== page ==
I went skiing for the first time on Tuesday. As a native Texan, I’d never really seen the point of putting something slippery on your feet and then stepping on frozen water. But I live in Utah now, so ski I must. It was hard. It’s hard to do something you suck at, and it’s hard to fall down, pick yourself up, and do that thing you suck at again. Not everything in life is a metaphor for teaching or learning mathematics, but this one is. It’s easy for an experienced person in any field to forget how hard it is to suck at it, and math is no different.
Journalist A.K. Whitney is a “math phobe turned math phile,” according to her Twitter bio. Growing up, she enjoyed science, but bad experiences in middle and high school math classes kept her from pursuing a STEM major. A few years ago, she enrolled in a pre-algebra class at a local community college and started her math education basically from scratch. When a friend asked her why, she said, “I got sick of believing I suck at math.” In a series called Mathochism, she writes about her experiences working her way up through calculus. I first encountered the series on Medium, where she is posting an installment every Monday, Wednesday, and Friday, but it is also available on her blog. She also wrote an article for Cosmo about why and how she overcame her fear of math.
Another perspective on learning math as an adult comes from Jennifer Ouellette’s series that eventually spawned The Calculus Diaries. Ouellette is a well-known science writer who focuses on physics, but she had never taken calculus. While she finds conceptual explanations helpful, she writes,
I must confess that on the rare occasions when I’ve bothered to put in the effort to understand a basic euqation or two–and they must be basic, given my functional innumeracy–it has deepened my grasp of the essential concepts in ways I don’t entirely undrstand, yet can’t deny. It’s like some final piece clicked into place that I never even knew was missing.
It’s really interesting to see the points of view of students who start without a strong math background or confidence but genuinely want to learn—and learn to like—the subject. We sometimes assume that students in introductory math courses just want to fulfill a university requirement and don’t really care about learning the material. Those students do exist, and we probably won’t really be able to reach them, but it’s valuable for us to see what makes it easier or harder for a motivated student to make progress. For Whitney, teachers and textbooks are important, but she also writes about broader issues: male dominance in classrooms, our society’s attitude towards women STEM majors, and the myth that you have to be a genius to be good at math.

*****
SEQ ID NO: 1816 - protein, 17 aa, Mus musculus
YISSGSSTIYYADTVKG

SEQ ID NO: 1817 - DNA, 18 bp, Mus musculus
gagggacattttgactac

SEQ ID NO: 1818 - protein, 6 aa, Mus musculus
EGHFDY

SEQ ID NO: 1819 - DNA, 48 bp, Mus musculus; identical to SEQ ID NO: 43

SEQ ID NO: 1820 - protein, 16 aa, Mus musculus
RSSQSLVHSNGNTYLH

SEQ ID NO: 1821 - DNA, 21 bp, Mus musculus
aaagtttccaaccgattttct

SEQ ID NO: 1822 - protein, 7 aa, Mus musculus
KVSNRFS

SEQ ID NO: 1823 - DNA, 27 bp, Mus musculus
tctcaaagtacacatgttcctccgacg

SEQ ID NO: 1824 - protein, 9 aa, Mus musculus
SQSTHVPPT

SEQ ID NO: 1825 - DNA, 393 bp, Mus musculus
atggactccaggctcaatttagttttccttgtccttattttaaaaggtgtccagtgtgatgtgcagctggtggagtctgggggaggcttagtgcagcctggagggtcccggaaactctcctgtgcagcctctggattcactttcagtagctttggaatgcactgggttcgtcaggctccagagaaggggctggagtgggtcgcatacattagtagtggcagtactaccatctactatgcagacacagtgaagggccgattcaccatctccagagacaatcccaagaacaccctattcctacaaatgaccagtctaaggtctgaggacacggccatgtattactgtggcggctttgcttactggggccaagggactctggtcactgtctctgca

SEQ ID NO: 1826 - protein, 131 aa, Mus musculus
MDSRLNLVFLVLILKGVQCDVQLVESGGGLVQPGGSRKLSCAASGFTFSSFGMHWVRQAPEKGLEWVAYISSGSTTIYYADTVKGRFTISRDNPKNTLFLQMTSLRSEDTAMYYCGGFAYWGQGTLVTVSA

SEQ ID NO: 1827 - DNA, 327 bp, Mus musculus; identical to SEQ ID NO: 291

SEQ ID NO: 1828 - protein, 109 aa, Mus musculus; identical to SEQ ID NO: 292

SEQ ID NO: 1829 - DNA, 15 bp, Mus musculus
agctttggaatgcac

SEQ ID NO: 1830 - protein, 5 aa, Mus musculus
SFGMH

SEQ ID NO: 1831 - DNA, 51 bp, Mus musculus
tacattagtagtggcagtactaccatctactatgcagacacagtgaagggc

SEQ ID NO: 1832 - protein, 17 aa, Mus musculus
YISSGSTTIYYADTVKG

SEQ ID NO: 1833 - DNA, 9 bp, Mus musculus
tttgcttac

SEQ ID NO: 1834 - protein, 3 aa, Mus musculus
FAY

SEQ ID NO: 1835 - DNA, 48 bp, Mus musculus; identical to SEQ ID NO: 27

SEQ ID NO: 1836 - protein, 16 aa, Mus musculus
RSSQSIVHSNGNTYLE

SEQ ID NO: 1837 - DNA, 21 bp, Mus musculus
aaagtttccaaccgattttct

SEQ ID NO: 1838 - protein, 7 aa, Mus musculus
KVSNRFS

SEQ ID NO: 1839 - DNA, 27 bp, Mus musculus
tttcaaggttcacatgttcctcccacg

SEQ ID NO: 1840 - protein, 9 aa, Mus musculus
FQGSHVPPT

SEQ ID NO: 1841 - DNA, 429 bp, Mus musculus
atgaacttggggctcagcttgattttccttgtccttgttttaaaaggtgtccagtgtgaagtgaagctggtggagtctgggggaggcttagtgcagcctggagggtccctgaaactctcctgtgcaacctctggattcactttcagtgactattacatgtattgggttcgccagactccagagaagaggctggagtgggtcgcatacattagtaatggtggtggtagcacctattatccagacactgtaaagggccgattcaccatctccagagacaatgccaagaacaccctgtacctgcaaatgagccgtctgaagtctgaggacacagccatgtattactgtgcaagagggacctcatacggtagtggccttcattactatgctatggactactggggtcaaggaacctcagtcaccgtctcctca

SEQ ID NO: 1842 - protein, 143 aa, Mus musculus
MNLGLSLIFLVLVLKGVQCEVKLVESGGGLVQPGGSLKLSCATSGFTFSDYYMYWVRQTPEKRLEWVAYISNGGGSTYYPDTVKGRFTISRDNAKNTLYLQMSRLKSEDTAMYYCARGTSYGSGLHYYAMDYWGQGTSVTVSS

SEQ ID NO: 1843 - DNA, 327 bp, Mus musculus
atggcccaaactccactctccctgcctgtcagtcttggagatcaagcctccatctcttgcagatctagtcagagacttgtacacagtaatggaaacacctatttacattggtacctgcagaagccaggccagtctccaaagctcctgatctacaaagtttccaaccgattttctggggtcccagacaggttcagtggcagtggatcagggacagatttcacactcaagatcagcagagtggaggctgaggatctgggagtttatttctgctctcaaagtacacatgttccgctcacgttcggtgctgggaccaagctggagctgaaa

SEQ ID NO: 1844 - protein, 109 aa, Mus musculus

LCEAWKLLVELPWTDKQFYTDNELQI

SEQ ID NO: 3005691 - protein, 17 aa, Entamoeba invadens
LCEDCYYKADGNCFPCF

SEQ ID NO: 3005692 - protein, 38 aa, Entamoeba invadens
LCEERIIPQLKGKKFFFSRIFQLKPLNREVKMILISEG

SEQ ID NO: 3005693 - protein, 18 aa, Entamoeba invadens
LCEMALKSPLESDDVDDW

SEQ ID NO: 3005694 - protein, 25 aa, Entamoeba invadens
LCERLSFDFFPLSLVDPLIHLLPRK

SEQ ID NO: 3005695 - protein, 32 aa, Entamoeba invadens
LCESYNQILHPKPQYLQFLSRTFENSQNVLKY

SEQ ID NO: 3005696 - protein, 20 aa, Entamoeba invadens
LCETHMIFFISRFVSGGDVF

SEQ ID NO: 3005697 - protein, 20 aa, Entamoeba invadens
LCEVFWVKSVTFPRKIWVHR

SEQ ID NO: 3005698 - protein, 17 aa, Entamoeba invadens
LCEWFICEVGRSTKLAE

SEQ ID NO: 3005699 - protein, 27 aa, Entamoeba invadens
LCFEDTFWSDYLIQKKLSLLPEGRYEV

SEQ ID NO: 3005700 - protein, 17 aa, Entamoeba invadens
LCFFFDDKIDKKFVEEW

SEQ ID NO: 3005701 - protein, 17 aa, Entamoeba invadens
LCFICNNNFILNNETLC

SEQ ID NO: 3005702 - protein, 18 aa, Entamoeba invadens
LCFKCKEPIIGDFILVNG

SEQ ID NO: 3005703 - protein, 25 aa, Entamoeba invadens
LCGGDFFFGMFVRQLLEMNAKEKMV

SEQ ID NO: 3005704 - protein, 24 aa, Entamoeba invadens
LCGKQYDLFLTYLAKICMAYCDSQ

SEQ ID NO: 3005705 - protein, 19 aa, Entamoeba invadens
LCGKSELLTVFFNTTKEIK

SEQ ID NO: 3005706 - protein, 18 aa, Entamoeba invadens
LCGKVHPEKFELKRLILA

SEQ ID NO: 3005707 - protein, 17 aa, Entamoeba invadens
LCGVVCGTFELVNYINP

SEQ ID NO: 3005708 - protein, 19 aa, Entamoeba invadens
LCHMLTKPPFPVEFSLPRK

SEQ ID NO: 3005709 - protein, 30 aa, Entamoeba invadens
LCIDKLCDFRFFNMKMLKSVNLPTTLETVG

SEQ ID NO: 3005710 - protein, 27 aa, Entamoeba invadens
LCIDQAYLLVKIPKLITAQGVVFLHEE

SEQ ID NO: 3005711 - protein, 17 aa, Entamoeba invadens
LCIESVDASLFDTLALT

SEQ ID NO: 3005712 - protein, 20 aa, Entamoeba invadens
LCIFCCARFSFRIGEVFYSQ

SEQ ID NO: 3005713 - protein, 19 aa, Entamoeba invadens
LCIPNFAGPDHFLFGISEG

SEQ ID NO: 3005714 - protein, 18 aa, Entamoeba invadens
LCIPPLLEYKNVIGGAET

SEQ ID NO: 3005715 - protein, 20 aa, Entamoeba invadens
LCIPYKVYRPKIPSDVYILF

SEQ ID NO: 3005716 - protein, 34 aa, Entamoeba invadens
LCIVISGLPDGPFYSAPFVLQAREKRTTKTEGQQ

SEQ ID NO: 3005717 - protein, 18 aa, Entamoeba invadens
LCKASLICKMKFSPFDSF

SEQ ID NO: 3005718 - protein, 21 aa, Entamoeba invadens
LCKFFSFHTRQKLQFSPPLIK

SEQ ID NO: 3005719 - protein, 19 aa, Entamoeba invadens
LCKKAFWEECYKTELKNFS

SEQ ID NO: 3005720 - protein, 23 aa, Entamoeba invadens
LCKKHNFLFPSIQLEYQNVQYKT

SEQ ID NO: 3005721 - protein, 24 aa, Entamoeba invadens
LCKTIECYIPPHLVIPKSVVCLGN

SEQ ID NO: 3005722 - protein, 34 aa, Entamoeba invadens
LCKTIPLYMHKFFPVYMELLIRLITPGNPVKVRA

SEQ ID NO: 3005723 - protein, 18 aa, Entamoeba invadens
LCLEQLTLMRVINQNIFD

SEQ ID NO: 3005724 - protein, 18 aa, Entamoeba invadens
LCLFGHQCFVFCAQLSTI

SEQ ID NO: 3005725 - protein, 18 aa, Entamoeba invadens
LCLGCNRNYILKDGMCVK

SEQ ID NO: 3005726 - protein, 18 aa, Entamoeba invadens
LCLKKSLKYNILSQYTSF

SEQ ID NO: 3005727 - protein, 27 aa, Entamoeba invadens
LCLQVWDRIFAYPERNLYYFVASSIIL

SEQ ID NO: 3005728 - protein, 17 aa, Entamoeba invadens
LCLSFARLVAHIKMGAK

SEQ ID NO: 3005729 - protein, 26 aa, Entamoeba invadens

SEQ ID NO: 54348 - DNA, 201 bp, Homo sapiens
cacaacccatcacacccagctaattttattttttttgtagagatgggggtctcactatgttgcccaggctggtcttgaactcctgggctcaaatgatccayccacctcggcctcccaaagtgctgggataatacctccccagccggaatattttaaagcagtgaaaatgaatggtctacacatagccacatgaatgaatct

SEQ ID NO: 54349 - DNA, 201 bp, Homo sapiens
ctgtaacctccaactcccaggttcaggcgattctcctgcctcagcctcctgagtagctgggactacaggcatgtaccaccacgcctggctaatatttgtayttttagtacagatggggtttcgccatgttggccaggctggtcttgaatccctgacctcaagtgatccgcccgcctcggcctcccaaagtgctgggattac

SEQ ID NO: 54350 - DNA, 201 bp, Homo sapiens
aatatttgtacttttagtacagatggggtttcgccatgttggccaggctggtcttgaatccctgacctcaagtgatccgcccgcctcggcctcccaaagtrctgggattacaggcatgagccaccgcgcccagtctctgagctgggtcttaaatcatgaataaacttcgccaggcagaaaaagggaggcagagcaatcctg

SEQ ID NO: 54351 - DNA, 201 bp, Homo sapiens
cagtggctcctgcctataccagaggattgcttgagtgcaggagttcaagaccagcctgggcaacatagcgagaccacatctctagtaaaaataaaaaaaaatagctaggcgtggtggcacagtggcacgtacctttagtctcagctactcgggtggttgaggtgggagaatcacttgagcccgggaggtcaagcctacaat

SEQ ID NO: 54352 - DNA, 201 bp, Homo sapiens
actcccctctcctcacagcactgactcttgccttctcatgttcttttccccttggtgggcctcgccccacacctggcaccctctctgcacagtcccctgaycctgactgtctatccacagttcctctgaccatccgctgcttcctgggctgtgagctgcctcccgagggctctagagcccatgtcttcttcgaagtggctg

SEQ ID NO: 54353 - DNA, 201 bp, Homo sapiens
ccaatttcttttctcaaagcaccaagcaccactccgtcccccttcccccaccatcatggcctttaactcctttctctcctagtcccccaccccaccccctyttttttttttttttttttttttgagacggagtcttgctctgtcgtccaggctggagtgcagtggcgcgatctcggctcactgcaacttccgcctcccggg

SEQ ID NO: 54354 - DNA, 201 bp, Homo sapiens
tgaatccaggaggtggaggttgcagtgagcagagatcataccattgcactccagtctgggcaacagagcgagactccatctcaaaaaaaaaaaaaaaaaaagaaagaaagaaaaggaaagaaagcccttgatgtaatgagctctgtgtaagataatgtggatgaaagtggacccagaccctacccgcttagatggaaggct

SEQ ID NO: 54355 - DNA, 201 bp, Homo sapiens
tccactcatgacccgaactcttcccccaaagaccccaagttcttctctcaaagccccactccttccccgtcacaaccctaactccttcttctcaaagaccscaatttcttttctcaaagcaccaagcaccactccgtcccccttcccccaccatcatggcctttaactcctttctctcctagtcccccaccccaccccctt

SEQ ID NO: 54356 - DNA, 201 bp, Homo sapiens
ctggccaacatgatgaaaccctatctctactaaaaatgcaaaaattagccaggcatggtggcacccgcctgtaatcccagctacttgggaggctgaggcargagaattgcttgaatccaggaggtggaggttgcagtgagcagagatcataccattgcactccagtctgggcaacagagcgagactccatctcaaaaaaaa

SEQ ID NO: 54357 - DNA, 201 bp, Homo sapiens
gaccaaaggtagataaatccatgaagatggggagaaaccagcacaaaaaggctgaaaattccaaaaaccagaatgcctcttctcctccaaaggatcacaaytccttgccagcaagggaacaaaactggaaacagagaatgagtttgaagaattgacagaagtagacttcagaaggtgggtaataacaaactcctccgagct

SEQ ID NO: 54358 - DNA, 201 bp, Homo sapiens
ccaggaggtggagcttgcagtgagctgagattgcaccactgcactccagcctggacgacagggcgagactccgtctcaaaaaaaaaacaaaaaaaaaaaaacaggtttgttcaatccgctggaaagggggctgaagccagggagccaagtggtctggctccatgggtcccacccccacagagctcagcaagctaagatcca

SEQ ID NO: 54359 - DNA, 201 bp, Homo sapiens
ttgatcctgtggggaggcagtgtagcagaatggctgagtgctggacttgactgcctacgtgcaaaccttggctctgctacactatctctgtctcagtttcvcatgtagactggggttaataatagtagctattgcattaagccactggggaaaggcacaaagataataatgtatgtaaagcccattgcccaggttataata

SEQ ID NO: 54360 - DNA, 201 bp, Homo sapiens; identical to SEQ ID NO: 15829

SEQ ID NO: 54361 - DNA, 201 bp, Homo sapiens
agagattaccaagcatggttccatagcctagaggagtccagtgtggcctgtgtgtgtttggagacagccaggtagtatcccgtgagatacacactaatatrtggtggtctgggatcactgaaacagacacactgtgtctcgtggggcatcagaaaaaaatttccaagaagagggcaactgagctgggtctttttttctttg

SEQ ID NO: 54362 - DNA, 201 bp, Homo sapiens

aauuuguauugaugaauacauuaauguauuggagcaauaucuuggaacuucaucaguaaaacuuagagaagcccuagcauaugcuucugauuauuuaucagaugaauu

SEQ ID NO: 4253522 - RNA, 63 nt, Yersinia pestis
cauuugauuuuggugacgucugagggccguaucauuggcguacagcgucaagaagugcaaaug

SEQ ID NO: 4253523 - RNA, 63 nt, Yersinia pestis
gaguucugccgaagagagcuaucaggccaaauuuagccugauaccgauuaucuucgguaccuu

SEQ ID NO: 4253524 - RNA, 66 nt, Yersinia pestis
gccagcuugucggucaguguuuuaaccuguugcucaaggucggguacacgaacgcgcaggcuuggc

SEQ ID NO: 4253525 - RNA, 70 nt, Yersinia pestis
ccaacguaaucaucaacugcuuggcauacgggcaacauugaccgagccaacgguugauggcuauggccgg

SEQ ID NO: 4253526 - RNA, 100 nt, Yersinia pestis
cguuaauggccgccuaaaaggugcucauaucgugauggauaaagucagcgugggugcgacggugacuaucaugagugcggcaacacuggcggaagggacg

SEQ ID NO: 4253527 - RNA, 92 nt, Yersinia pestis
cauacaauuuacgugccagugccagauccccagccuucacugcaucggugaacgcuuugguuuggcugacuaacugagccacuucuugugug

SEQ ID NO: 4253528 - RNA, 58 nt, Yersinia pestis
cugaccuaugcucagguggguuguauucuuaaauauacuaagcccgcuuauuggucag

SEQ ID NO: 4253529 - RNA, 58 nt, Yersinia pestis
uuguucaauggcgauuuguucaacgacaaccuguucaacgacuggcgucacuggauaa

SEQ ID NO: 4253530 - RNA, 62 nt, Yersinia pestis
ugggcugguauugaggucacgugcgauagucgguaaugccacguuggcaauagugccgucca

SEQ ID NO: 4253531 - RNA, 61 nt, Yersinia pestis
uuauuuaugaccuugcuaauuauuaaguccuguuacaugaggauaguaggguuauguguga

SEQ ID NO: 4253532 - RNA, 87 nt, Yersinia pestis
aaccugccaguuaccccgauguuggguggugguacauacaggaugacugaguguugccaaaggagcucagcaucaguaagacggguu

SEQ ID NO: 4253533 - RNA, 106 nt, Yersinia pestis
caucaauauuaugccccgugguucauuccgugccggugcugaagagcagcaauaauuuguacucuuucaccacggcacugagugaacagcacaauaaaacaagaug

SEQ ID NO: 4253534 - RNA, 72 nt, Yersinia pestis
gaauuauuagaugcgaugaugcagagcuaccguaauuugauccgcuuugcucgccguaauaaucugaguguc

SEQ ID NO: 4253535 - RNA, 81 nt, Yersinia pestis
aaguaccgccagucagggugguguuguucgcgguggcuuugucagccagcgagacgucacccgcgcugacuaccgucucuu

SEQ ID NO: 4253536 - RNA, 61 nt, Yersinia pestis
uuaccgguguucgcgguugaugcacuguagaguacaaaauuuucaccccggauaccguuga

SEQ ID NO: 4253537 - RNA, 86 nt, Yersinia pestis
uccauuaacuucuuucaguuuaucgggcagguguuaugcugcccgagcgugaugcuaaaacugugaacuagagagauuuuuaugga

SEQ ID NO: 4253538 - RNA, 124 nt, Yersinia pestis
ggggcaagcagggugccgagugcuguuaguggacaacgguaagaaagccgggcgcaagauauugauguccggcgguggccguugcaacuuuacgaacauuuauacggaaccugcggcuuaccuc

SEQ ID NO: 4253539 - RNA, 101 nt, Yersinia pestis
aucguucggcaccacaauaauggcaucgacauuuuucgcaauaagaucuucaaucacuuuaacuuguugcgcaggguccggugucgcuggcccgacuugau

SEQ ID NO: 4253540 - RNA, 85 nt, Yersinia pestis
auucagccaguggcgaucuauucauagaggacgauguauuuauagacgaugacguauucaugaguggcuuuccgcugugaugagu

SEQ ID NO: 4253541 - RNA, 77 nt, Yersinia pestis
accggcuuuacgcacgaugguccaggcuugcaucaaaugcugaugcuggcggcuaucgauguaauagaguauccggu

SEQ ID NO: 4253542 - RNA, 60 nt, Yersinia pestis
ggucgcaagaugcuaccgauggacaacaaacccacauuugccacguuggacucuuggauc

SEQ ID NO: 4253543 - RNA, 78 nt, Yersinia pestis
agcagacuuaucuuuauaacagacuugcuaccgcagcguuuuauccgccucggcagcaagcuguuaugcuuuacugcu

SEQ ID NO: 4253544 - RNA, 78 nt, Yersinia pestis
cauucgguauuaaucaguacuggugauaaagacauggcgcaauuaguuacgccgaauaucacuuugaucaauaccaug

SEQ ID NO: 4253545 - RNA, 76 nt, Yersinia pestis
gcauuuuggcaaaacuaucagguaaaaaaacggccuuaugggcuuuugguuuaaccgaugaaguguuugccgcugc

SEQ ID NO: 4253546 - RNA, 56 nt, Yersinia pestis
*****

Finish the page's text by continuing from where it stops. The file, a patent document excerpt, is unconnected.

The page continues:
Her comments about her teachers, from the “dapper professor” of pre-algebra to the “calculus dementor,” are interesting because we get only one side of the story. Sometimes I try to fill in the gaps and figure out what might have been going on from the instructor’s perspective. In a post called Show Your Work, Whitney expresses her frustration at worked examples that skip steps. She writes,
It’s particularly galling when an instructor skips steps on examples in lectures (and so does the book in its ridiculously expensive solutions manual that promises to solve all the odd problems yet leaves out a third of them), then expects me to “show my work,” all my work, and even takes points off for paraphrasing a little on a definition or for not writing f(x) on every step.
I wish I knew specific examples of what steps were omitted and what definitions were paraphrased. I’m sure the instructor thought he or she was doing the examples fully and that his or her rules about how work had to be shown were clear. And what seemed like “paraphrasing a little on a definition” to Whitney may have changed the meaning of the definition. It’s probably impossible to avoid those problems in any class, but it’s good to remember that students who make mistakes like that aren’t being sloppy or lazy. It’s just hard for students to evaluate their own work and understanding.
Unfortunately, Whitney’s calculus class ended on a sour note. But this time, she left with a different attitude than she had in middle school. She writes,
But unlike previous bad experiences, this didn’t sour me on math. Nor did it take away from my interest in learning more calculus, which was actually one of the most satisfying chapters in my short math career.
Yep, I really love calculus.
In 2013, she took a calculus MOOC to solidify and expand on her previous calculus experiences, and for her, it was a good fit. It gave her more motivation than just sitting at home with a calculus book had, but she had the flexibility to choose when to watch lectures or take quizzes. She ended the MOOC on a high note.
At the end, I was tired but very happy. The course confirmed that I really did learn calculus, and that I wasn’t wrong to love it.
And my grade? It doesn’t matter, but I wound up with an 89.3 percent. My B streak continues, and illustrates what I have learned about my math ability: It will never come easily, but I can understand it. I can appreciate it. I can learn it.
I don’t suck at math.